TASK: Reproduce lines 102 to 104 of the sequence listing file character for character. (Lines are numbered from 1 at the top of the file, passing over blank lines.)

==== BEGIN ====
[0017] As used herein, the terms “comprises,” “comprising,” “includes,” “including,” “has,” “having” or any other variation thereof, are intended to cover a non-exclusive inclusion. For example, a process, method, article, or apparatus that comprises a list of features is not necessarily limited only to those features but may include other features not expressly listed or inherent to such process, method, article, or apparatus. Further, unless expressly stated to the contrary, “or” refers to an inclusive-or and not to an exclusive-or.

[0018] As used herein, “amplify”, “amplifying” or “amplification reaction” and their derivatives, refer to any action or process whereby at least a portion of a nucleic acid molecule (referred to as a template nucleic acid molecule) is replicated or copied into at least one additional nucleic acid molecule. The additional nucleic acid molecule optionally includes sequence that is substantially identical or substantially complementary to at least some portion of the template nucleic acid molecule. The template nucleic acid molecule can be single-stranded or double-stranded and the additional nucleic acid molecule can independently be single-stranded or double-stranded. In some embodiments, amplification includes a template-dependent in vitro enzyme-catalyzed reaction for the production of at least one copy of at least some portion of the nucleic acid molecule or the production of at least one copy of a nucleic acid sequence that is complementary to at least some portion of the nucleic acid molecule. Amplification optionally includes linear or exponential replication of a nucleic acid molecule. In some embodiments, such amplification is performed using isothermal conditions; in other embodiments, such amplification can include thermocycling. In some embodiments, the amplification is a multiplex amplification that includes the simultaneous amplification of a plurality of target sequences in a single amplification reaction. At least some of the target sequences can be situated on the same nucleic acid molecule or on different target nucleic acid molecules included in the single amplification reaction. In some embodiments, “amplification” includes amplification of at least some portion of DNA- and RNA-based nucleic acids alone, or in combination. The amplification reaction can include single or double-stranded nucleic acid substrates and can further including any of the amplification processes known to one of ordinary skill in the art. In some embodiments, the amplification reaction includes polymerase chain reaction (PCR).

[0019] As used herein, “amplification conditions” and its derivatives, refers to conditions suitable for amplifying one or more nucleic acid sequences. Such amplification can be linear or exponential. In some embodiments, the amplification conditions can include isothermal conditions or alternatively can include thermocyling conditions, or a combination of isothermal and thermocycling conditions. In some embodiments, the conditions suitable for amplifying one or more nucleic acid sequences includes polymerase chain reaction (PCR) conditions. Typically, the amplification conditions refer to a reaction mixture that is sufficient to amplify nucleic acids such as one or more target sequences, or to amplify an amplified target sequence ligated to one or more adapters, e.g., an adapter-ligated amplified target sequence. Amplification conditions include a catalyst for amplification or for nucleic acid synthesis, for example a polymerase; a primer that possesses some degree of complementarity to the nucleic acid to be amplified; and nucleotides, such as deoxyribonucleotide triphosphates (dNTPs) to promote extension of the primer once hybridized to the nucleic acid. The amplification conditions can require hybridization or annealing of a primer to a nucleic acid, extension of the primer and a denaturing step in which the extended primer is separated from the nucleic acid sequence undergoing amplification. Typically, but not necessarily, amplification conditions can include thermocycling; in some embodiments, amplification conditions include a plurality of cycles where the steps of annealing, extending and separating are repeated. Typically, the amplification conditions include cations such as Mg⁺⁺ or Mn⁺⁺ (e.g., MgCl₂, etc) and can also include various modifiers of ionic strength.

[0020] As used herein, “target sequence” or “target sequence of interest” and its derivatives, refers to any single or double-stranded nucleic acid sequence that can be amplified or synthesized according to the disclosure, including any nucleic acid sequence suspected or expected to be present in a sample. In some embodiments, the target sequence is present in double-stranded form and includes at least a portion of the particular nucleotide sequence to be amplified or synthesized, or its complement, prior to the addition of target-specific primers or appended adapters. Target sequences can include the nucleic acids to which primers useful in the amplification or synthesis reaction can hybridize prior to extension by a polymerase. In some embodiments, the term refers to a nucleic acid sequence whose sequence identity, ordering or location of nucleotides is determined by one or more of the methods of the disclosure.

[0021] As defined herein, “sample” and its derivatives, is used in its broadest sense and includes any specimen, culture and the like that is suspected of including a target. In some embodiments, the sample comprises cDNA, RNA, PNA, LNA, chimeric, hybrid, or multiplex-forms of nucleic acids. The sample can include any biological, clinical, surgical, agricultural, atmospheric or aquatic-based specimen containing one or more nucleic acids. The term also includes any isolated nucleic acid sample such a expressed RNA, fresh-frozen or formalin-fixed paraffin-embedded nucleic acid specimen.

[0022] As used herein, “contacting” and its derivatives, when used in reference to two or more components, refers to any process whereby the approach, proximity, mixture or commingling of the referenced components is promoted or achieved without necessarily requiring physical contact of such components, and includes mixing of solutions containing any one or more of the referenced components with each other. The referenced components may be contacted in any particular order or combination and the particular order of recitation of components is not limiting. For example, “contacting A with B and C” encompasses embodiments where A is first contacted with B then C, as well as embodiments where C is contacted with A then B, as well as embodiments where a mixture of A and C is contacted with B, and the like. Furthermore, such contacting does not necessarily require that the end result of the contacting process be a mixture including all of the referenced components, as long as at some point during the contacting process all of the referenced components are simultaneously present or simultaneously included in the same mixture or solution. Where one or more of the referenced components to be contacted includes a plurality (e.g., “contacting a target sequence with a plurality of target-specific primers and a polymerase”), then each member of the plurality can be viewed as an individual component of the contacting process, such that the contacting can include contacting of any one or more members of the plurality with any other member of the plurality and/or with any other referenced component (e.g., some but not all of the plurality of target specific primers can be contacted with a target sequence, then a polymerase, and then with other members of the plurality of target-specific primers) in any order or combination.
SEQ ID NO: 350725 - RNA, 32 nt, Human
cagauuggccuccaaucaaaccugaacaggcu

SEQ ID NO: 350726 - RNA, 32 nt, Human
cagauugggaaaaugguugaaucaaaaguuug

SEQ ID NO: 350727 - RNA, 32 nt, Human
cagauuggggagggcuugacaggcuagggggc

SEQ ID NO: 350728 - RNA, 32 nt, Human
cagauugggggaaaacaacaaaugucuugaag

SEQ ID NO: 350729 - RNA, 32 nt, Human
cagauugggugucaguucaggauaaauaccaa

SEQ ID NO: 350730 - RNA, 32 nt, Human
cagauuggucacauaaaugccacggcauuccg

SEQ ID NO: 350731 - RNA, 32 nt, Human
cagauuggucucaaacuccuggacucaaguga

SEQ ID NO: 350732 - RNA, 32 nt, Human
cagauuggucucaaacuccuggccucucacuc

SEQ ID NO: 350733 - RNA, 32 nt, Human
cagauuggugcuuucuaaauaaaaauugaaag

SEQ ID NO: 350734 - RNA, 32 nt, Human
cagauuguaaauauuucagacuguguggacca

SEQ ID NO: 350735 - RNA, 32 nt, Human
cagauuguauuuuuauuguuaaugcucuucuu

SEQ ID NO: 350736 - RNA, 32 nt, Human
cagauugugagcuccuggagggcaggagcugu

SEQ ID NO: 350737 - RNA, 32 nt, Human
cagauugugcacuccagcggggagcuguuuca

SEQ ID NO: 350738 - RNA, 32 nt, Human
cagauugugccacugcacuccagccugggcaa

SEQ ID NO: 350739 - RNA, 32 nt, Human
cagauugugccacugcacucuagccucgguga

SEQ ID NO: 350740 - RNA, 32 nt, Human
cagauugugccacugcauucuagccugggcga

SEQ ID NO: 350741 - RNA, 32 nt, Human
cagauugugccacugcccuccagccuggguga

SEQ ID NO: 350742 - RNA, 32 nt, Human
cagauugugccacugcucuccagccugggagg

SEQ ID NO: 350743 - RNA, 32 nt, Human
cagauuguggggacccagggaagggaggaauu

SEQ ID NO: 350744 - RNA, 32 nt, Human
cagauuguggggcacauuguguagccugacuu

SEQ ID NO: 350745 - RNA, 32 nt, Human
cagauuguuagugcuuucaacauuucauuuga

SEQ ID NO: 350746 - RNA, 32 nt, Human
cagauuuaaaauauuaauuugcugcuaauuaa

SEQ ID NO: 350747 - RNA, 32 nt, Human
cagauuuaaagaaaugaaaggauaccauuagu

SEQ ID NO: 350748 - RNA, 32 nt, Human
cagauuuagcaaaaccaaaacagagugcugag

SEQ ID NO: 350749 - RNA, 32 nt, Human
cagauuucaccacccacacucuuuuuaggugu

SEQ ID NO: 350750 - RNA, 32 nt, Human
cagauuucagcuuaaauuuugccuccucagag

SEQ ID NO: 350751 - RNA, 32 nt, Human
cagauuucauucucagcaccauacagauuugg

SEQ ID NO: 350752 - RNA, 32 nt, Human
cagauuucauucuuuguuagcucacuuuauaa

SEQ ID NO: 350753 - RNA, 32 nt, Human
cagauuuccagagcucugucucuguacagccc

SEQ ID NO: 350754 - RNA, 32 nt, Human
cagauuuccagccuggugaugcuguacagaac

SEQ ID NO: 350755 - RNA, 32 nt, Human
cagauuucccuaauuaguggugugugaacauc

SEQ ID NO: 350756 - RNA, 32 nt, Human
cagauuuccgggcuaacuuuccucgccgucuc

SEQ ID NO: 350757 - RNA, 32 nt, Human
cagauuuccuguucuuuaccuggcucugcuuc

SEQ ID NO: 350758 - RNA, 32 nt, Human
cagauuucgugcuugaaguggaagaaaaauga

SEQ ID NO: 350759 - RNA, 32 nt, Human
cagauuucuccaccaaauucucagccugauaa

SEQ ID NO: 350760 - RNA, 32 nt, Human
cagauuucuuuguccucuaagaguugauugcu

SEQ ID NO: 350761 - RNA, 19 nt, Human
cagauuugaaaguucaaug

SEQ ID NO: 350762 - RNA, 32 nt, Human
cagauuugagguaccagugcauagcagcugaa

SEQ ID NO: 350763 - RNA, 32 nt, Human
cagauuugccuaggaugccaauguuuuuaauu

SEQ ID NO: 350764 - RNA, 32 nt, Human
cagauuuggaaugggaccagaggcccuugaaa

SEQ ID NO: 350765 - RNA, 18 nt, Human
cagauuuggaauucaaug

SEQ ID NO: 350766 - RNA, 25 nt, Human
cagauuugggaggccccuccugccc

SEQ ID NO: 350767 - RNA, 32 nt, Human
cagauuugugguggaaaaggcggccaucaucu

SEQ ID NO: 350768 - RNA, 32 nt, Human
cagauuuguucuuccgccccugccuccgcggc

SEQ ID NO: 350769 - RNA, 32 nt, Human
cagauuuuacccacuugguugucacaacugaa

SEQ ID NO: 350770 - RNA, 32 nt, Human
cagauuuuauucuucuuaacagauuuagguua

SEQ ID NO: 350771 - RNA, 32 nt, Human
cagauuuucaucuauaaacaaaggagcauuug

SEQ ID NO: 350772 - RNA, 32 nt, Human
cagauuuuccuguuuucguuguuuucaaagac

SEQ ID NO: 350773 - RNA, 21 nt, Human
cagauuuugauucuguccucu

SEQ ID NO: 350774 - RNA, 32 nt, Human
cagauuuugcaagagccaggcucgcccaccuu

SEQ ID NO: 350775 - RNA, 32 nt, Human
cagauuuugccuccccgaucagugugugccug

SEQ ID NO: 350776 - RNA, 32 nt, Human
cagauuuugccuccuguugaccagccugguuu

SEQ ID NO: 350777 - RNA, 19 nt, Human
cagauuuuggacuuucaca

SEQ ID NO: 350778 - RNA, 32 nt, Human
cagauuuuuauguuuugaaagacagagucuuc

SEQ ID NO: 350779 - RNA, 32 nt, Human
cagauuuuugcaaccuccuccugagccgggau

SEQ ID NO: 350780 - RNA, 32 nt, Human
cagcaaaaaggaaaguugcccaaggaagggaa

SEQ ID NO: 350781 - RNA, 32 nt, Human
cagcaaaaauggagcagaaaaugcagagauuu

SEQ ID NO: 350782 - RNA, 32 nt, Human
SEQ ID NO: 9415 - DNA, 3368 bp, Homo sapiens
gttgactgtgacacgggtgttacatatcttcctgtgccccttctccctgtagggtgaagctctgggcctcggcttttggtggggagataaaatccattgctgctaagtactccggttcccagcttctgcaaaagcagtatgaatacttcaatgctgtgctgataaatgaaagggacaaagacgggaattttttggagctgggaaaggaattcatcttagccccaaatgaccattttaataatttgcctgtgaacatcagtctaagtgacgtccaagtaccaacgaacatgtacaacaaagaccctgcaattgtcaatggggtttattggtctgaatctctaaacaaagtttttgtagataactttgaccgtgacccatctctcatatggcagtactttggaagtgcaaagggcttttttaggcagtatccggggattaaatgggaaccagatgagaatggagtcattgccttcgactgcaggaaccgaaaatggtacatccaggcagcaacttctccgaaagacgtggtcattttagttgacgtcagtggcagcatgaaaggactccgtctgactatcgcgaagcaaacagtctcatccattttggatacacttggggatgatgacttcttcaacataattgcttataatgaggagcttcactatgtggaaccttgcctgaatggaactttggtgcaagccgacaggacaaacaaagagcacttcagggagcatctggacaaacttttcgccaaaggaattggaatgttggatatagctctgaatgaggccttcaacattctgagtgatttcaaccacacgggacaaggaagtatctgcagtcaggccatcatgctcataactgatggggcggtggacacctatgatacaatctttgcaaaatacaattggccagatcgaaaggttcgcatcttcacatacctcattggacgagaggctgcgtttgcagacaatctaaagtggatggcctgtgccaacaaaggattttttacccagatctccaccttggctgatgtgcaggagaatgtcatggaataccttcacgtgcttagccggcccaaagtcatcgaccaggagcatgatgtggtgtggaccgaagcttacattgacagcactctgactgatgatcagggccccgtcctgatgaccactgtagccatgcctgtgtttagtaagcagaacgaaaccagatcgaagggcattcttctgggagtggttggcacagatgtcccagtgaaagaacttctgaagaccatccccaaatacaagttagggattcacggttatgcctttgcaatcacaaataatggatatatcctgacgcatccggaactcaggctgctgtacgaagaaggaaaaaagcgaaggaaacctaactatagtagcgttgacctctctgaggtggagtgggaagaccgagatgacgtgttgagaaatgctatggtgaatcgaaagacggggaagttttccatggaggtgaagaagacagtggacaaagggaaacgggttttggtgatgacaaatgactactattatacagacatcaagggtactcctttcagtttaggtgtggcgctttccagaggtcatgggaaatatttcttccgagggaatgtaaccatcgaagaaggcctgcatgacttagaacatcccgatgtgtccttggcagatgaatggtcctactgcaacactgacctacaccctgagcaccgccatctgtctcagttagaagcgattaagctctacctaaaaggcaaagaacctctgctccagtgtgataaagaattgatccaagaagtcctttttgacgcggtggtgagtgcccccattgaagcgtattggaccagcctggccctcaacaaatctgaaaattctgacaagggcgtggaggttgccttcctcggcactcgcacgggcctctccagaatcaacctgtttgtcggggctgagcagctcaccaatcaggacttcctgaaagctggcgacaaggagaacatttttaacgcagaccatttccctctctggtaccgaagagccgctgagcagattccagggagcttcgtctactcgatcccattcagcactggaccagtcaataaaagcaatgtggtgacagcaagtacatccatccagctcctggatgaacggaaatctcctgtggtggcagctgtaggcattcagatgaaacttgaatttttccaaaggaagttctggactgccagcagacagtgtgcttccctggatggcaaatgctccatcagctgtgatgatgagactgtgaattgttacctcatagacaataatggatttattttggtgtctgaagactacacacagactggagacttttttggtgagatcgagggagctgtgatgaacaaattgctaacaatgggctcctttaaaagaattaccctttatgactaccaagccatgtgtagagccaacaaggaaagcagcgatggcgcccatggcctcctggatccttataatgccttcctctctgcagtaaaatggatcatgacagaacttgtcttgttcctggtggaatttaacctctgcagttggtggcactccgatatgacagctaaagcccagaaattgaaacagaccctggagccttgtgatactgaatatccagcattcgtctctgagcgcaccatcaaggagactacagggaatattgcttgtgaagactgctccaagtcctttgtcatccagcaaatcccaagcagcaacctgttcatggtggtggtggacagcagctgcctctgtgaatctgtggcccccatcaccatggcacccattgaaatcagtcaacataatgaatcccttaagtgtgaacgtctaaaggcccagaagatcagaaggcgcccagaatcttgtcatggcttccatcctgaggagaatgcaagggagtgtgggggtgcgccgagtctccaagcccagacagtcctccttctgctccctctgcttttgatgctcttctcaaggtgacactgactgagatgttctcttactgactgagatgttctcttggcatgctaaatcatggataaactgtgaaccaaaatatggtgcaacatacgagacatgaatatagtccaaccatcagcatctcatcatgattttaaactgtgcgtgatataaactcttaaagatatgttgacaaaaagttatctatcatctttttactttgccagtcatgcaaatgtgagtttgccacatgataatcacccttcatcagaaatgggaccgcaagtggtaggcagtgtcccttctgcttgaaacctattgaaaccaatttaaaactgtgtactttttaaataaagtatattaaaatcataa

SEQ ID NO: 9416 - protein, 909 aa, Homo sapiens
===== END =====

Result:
cagauuuuccuguuuucguuguuuucaaagac

SEQ ID NO: 350773 - RNA, 21 nt, Human
cagauuuugauucuguccucu